100 Voices from the Little Bighorn by Bruce Brown Deluxe CD-ROM Bundle Edition

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100 Voices: Sioux, Cheyenne, Arapahoe, Crow, Arikara and American Eye-witness accounts of the Battle of the Little Bighorn

100 Voices: Full List * Crow/Arikara * Sioux/Cheyenne * American * Rosebud

Guided Tours: Crazy Horse at the Little Bighorn * Crazy Horse at the Rosebud

Features: Who Killed Custer? * Who Killed Custer? Audio Book
Features: Crazy Horse Surrender Ledger * Winter Count of Crazy Horse's Life
Features: Bogus Crazy Horse Photos * Unsung 7th Cavalry Scouts Saga
Features: Indian Battlefield Tactics * Woman Warriors
* Little Bighorn Maps
Features: U.S. Medal of Honor Winners * U.S. Atrocities * Indian Atrocities
Little Bighorn Mysteries * Virtual Museum

This is a FREE EXCERPT from
Bruce Brown's 100 Voices...

Theo. W. Goldin's Story of the Battle, #2
An American survivor's account of the Battle of the Little Bighorn

From a letter by Fred Goldin to Philip G. Cole, January 1933.
Here is a 1904 account by Goldin.



Seventh Cavalry survivor Fred Goldin, who received the Medal of Honor"JUST BEFORE we left the Rosebud and on June 21, 1876 I was called to headquarters to assist the Sergeant-major in preparing various orders and in compiling our records for the field desk we carried on a pack mule and when we left the Rosebud the following day I was, by order of Lieut. Cook, regimental Adjutant, retained at headquarters as an orderly or messenger and when the command was divided on June 25th, while still some fifteen miles from the village of the enemy and so far as I have ever been able to learn, without any definite knowledge as to the exact location or strength of the village. I remained with the column under Gen. Custer until we reached a point possibly a mile downstream from the point where we knew Reno was already engaged with the upper end of the huge village. In the meantime Gen. Custer had left his column and ridden to a point out of our sight, but which evidently overlooked the scene of Reno's engagement. I state this because we later learned that men in Reno's command saw and recognized him on the bluffs. In the meantime the rest of his command had continued down the stream but hidden from the Indians by a high ridge paralleling the course of the bluffs above the river. When about a mile below Reno's position we slowed down to a walk and it was at this point that Custer rejoined us and a few moments later I was given a message to deliver to Major Reno. What the message contained I do not know, but my orders were to get it to Reno at once, remain with him until the two columns effected a junction when I was to report to Lieut. Cook [W.W. Cooke]. On my trip back I saw no Indians nor could I see the valley or the village because of the ridge until I sought a place to descend to the river and cross it to reach Reno, then I could plainly see the immense village and Reno's little squadron fighting in the bottoms apparently against heavy odds. While making the descent of the bluffs and fording the river a number of bullets whistled entirely too close for comfort about my ears, whether aimed at me, or whether they were shots fired high by the Indians I do not know. I do know I was a mite uncomfortable for a few minutes. I reached Reno just about the time his Indian allies on the extreme left of his slender line broke and ran, some of them it was reported not stopping until they reached the supply camp on the Powder River, others not until they reached their reservation at Fort Berthold. I delivered my message, Reno glanced at it, asked where I left Custer and what he was doing, folded the message, put it in his note book and turned to watch the movement of the left of his line, which seemed to be forced back into the timber. When I reached Reno the only officers near him were Captain Moylan of "A" Troop and Lieut. Hodgson, Squadron adjutant, killed a short time later..."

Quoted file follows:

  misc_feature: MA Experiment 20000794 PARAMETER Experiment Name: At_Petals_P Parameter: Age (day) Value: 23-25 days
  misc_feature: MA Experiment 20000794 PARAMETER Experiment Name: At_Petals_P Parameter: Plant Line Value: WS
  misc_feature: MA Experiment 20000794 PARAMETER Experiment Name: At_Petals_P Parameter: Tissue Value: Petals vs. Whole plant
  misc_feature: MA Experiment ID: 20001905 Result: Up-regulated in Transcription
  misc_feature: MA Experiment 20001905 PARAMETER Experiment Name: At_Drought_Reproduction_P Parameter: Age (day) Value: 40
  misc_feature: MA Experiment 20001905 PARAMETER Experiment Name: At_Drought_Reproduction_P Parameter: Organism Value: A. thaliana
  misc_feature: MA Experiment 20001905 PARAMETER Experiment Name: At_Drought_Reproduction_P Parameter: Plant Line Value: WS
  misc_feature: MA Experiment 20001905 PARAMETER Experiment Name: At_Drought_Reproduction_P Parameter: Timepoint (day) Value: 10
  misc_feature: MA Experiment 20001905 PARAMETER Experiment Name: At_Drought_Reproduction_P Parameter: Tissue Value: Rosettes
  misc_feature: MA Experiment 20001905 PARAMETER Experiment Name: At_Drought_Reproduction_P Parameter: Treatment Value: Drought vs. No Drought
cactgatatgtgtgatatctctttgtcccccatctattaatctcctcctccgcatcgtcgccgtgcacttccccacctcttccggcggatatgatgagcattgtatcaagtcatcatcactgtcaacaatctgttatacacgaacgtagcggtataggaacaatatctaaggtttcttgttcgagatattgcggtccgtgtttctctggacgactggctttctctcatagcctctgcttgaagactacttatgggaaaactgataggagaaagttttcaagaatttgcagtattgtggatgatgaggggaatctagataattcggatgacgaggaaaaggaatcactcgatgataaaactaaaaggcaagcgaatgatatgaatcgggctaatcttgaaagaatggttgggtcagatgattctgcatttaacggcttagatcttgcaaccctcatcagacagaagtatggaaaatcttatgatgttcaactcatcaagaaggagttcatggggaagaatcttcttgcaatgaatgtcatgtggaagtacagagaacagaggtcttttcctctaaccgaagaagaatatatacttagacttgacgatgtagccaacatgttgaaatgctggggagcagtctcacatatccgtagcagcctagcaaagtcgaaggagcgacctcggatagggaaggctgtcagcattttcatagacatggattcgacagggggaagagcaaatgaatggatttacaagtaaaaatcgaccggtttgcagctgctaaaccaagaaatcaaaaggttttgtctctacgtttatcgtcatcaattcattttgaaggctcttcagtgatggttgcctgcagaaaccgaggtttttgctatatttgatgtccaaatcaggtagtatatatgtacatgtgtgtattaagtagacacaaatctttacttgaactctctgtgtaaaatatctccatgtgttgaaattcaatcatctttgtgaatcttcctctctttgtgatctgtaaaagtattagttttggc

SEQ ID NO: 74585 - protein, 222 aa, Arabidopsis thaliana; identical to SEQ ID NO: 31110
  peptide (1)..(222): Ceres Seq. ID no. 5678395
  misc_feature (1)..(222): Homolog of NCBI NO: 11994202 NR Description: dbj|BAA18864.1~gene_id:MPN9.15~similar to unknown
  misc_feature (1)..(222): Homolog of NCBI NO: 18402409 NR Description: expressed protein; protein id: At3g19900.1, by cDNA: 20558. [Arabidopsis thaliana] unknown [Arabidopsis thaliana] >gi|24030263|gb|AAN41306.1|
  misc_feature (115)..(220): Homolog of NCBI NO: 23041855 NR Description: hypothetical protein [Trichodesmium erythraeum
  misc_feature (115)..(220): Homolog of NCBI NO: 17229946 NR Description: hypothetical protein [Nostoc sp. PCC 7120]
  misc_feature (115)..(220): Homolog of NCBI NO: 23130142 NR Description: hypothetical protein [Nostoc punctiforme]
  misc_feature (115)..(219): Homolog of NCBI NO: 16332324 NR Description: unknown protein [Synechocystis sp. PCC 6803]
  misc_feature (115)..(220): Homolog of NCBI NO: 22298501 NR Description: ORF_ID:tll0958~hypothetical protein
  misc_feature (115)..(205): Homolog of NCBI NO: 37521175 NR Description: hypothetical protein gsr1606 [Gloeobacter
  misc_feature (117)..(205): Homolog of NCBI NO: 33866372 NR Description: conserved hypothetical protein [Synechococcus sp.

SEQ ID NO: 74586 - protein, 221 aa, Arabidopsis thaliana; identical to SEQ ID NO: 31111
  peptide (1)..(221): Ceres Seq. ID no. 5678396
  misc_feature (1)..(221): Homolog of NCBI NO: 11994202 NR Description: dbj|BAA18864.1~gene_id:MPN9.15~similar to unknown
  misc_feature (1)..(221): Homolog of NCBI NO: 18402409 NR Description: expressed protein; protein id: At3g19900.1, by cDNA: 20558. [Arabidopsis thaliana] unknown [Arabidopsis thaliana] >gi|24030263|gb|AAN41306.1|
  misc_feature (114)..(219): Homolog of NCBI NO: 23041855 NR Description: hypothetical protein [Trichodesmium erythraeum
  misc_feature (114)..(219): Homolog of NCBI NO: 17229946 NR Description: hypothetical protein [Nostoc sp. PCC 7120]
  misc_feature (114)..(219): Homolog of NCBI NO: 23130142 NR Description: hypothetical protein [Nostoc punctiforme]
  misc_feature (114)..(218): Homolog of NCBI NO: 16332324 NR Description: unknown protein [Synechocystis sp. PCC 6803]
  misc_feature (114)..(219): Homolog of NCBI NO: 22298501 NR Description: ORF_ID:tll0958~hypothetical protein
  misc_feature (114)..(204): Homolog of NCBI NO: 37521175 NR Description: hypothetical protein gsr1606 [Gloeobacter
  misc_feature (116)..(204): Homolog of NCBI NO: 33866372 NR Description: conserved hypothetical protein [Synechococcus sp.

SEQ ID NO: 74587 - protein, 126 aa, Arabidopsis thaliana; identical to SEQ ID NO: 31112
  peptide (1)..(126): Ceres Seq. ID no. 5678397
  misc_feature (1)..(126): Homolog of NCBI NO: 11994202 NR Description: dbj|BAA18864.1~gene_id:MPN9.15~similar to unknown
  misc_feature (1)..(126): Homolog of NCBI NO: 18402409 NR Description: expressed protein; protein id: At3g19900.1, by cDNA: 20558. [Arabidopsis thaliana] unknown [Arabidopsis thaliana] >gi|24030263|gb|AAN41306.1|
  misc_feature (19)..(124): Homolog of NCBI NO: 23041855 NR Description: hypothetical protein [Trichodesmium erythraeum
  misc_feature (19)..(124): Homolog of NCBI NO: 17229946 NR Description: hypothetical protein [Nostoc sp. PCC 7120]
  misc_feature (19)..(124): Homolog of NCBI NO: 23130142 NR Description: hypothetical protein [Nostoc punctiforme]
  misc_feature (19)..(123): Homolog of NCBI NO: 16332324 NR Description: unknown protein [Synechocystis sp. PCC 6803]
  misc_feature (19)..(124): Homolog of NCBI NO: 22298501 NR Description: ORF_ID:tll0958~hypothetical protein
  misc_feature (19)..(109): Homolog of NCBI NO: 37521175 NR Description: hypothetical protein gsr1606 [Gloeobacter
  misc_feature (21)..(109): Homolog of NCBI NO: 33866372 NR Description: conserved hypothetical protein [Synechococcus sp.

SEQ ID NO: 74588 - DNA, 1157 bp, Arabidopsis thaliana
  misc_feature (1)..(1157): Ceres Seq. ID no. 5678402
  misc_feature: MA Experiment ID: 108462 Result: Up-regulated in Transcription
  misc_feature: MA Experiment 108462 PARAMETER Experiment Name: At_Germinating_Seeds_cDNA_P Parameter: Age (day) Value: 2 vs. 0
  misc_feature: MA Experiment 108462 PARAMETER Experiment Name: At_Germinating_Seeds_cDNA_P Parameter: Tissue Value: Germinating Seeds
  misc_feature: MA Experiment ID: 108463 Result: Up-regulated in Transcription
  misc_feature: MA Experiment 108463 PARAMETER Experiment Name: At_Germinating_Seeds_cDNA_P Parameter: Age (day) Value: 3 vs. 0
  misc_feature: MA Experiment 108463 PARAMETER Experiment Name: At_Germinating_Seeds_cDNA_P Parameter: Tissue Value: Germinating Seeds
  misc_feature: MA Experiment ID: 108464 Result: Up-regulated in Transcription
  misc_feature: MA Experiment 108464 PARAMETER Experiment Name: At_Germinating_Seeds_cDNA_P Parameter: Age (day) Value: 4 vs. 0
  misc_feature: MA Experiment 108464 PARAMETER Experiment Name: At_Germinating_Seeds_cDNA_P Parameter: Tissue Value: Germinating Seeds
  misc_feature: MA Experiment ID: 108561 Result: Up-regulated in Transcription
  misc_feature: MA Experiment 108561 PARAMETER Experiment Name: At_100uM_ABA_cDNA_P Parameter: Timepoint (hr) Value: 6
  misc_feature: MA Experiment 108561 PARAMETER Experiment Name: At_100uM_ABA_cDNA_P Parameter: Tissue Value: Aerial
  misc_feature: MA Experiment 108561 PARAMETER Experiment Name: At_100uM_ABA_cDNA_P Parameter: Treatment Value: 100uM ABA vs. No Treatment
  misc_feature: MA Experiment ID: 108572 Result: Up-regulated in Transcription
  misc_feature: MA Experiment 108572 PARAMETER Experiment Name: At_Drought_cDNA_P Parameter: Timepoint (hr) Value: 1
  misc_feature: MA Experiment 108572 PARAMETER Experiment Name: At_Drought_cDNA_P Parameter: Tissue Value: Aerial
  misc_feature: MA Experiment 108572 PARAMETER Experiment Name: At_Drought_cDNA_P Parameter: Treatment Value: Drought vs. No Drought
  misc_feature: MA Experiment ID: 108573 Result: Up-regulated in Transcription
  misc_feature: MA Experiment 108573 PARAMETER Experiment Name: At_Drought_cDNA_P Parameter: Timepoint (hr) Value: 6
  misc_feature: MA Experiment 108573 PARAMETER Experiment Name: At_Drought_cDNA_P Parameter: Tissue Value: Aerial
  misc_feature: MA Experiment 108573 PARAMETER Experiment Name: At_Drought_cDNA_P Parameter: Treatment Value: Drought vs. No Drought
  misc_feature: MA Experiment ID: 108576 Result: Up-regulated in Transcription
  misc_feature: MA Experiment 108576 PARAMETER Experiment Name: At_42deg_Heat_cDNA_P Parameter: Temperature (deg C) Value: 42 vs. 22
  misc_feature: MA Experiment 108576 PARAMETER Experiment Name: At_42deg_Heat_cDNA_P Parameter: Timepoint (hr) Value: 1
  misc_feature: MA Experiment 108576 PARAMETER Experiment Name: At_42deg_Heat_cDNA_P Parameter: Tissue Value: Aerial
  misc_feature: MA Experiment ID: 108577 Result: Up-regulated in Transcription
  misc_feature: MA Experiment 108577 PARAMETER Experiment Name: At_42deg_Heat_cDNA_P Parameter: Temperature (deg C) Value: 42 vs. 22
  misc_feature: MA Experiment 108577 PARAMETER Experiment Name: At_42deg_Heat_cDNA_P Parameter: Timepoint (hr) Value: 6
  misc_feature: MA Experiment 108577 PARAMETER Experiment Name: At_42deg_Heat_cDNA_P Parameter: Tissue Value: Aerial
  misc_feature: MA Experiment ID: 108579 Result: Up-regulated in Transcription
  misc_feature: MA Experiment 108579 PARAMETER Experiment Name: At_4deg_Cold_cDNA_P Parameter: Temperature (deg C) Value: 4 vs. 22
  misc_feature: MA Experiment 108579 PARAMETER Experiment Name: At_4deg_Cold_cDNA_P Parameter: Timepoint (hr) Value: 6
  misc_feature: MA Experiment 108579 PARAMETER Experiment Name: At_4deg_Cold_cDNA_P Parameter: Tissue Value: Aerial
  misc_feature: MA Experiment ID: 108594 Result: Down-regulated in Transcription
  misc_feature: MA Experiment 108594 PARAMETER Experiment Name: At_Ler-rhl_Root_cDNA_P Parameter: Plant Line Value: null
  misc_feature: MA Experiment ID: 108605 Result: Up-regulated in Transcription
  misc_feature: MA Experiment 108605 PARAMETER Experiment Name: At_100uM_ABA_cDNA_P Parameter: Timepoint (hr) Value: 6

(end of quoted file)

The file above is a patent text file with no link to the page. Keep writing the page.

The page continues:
The Custer Myth: A Source Book of Custerania, written and compiled by Colonel W.A. Graham, The Stackpole Co., Harrisburg, PA 1953, p 275

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